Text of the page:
There may be something to America’s bacon craze. According to Bon Appétit, 45 percent of the fat in bacon is monounsaturated and contains oleic acid, a fatty acid that can help reduce blood pressure. So, go ahead and top your omelet or cupcake with this porcine delight. Just don’t forget to drain the fat. For something a little less smoky, go for a fresh loin chop. Forbes says a chop can be as lean as chicken breast, packs 29 grams of protein and is loaded with B vitamins.
While high-fructose corn syrup is problematic, corn alone isn’t. Corn is full of antioxidants that fight free radicals that age and degrade the body. According to Forbes, corn has two times more antioxidants than apples. Use corn to help you get the recommended three daily servings of grain by adding kernels to a veggie mix or salad, or eating it fresh off the cob in the summer and fall.
3 Whole Milk
Stop buying that skim milk with the scary bluish hue. Bon Appétit shares that the fat in milk helps you absorb the calcium better, gives you healthy doses of vitamins A and D and helps you lose weight. The website shares that whole milk naturally contains these vitamins and other immunity-boosting properties, but low-fat and skim milk is fortified with synthetic versions.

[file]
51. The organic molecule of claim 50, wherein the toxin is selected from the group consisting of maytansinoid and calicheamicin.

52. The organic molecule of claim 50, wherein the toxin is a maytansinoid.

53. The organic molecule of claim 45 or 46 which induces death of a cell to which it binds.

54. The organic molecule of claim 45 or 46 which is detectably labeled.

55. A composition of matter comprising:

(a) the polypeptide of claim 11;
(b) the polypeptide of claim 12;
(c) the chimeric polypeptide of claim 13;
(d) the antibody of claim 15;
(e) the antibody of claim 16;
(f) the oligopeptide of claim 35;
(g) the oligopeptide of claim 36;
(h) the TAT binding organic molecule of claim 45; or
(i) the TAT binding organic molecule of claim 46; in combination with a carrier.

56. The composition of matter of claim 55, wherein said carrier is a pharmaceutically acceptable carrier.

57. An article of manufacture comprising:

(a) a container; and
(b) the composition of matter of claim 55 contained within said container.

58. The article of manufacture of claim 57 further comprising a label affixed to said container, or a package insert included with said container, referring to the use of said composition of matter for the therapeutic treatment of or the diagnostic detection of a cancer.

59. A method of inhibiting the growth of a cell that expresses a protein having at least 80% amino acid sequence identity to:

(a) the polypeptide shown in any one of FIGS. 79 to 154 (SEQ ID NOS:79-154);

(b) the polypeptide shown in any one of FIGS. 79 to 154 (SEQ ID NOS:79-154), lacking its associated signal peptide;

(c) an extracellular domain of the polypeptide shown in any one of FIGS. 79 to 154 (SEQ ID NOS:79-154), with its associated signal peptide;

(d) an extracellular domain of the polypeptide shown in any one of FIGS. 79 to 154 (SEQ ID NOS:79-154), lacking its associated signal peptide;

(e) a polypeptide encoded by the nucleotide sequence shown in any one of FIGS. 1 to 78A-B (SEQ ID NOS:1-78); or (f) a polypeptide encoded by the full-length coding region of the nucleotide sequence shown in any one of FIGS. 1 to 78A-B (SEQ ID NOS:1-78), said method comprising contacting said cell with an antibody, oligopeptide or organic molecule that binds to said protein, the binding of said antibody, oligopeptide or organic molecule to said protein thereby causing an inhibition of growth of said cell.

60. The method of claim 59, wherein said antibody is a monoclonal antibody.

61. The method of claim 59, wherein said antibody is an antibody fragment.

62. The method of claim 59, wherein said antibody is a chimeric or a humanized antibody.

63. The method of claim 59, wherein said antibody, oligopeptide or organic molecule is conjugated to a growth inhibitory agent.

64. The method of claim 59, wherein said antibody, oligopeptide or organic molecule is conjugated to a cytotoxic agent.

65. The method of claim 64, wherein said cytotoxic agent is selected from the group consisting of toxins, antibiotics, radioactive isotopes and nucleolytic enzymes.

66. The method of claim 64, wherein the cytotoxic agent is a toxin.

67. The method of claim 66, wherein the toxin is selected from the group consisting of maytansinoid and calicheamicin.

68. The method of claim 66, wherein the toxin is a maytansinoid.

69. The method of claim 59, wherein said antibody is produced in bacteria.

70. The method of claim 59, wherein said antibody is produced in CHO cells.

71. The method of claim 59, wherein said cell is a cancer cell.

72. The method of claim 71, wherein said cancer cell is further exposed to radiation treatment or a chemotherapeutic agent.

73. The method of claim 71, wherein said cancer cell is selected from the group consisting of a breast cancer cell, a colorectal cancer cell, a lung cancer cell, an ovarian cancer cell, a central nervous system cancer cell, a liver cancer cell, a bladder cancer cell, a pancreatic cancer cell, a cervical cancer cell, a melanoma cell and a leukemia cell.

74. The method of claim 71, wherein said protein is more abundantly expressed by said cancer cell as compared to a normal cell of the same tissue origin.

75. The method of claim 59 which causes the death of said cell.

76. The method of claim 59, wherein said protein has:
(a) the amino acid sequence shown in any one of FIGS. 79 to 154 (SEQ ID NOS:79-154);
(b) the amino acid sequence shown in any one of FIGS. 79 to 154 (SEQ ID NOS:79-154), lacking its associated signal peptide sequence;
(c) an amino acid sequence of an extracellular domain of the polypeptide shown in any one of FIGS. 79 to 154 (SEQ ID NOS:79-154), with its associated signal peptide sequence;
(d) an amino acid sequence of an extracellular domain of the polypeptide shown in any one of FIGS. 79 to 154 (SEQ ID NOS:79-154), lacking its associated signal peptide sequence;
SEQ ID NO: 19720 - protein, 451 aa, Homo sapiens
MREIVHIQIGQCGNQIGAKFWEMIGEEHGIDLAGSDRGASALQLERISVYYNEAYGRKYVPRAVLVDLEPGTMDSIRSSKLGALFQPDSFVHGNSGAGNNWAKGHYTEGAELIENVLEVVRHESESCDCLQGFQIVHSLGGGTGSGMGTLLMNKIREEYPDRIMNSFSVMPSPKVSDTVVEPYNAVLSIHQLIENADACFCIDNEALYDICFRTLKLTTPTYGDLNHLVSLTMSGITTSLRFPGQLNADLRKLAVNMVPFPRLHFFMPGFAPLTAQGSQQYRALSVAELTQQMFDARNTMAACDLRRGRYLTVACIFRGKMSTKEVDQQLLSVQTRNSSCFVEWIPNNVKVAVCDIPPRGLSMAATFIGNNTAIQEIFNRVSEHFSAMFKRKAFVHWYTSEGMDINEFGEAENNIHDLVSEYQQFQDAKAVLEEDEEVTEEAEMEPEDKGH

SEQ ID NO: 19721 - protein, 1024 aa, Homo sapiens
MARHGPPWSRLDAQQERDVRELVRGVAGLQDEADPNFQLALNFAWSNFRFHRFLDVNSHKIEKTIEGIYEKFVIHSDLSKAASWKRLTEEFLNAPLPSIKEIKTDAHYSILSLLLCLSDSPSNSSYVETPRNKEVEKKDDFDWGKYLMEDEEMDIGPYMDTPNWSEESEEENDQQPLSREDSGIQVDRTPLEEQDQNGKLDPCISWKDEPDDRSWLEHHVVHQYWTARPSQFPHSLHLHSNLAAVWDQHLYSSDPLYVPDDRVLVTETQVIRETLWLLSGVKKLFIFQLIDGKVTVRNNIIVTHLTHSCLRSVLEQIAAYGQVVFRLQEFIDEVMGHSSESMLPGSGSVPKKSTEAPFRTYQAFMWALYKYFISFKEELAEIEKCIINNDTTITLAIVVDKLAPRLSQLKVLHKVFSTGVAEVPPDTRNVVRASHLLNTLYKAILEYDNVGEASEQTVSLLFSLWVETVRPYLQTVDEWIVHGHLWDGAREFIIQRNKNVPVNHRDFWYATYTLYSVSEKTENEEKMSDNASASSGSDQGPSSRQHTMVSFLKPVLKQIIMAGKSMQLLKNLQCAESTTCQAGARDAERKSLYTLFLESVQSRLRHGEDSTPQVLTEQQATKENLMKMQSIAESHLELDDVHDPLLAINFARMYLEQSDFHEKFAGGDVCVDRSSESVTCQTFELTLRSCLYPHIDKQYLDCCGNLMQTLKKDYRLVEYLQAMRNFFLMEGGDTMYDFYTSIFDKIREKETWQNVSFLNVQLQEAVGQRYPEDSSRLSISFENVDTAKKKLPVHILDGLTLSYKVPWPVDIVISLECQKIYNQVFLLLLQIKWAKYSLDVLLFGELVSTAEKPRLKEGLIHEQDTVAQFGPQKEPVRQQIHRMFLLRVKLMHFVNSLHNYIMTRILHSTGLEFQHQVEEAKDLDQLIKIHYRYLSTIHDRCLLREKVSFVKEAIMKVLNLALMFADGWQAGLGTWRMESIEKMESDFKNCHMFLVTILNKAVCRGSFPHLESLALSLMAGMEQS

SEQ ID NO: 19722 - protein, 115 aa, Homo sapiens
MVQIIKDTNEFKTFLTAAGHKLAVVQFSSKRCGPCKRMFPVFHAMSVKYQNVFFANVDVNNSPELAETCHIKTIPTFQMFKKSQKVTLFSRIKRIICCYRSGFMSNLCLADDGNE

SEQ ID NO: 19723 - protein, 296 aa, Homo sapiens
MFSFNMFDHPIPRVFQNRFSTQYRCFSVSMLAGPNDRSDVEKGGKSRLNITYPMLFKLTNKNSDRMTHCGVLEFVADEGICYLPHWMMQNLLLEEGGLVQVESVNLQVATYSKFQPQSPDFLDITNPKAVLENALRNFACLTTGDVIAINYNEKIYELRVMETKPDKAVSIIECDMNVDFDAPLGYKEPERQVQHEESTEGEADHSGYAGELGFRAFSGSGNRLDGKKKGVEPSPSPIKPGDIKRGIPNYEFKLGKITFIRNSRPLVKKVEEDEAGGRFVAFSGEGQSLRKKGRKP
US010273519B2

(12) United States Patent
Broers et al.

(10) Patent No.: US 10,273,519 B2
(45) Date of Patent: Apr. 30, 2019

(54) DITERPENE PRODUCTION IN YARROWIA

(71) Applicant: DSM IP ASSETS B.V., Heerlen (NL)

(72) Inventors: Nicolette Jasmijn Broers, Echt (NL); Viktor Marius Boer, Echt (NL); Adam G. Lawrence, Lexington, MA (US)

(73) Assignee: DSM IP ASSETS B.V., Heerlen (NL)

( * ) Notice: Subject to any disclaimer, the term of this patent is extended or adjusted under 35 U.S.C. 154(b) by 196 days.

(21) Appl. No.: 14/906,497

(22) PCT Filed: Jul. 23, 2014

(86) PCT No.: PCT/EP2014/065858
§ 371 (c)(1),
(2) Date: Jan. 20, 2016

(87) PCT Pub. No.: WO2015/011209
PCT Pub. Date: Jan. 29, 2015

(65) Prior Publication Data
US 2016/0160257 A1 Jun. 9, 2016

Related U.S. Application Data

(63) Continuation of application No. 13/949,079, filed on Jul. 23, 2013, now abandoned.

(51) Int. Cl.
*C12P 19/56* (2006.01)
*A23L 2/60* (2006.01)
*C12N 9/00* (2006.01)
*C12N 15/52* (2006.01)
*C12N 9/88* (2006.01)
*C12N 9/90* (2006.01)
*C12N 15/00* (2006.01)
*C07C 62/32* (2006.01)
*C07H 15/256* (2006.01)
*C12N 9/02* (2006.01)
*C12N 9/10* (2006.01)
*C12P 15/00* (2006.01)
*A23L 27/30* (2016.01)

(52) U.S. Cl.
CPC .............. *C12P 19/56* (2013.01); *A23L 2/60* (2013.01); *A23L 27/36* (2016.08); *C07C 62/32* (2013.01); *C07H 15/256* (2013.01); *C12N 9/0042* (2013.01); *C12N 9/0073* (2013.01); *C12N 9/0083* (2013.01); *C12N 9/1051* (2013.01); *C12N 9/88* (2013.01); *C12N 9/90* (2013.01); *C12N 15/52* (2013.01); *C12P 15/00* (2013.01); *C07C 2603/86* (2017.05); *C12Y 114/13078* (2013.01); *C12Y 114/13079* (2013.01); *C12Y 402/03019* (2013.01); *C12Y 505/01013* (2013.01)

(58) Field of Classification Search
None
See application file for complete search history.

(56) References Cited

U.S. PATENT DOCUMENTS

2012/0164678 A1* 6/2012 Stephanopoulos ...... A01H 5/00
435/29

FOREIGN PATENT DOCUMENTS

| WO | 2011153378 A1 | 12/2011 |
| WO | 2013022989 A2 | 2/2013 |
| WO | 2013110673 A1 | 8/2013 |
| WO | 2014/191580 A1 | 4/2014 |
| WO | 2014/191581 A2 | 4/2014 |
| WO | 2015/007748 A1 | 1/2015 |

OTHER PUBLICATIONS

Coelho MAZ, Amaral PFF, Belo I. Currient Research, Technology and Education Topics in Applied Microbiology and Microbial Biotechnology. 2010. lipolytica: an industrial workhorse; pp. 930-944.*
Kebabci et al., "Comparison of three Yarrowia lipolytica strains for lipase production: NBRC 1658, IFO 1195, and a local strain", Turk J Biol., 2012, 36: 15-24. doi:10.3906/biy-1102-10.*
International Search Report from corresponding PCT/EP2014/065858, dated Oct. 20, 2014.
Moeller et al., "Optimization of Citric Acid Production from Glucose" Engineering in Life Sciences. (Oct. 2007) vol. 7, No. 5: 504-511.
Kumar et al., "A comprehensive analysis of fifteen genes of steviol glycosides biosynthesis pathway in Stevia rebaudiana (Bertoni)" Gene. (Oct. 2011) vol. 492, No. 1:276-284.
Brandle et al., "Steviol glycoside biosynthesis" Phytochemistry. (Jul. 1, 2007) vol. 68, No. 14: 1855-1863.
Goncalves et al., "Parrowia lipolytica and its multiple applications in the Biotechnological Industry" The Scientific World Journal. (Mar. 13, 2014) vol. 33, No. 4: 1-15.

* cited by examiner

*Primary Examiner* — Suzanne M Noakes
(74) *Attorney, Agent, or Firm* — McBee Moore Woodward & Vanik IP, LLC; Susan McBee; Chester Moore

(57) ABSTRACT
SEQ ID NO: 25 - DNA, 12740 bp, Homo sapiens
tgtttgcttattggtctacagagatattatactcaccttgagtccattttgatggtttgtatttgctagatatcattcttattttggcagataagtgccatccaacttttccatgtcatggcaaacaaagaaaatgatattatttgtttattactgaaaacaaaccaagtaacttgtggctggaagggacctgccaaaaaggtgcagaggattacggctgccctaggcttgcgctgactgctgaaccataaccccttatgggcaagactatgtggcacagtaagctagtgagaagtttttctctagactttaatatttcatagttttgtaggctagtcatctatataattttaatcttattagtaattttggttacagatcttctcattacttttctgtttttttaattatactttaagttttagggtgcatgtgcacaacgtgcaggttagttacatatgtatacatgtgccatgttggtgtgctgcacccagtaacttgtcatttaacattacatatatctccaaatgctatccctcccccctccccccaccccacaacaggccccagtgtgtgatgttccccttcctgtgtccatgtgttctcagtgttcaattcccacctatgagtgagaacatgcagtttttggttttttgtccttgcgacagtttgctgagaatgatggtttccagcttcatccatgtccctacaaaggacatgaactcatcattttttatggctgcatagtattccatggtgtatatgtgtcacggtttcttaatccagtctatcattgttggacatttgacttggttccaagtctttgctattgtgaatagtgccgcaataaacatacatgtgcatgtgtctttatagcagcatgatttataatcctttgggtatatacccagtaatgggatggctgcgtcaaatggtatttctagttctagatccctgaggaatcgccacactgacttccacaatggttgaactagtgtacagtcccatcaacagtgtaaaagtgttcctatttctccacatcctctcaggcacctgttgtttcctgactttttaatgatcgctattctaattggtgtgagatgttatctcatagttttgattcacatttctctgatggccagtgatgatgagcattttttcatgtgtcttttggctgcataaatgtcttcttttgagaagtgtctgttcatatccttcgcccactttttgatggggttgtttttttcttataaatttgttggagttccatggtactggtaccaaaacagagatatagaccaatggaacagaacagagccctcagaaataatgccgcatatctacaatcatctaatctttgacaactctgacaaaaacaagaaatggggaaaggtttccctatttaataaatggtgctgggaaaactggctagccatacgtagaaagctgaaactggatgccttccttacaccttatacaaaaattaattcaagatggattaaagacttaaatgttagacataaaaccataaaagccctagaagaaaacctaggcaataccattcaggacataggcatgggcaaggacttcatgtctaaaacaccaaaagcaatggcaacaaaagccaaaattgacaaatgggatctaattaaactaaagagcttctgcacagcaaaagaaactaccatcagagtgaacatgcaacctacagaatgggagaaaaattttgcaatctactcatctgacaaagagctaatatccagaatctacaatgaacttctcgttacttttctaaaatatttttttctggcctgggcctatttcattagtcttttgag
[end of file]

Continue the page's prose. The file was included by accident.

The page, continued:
Diet books warn to stay away from white starchy foods like potatoes, but a 2012 article in Forbes shares that potatoes are actually healthy. The trick is not adding mayonnaise, butter or hot oil to them. The best potatoes are red, waxy potatoes. At 88 calories each, the potato creates a resistant starch that acts like fiber and, according to Forbes, triggers your body to burn fat.
Creamy, green avocados are full of fat; up to 30 grams for a medium-sized fruit, according to WebMD. However, the fat is monounsaturated and full of beta-sitosterol, which means the fat is healthy and can help lower your cholesterol levels. Avocados have some of the same nutrients as dark, leafy greens, as well as heart-healthy potassium, fiber, vitamin E and antioxidants.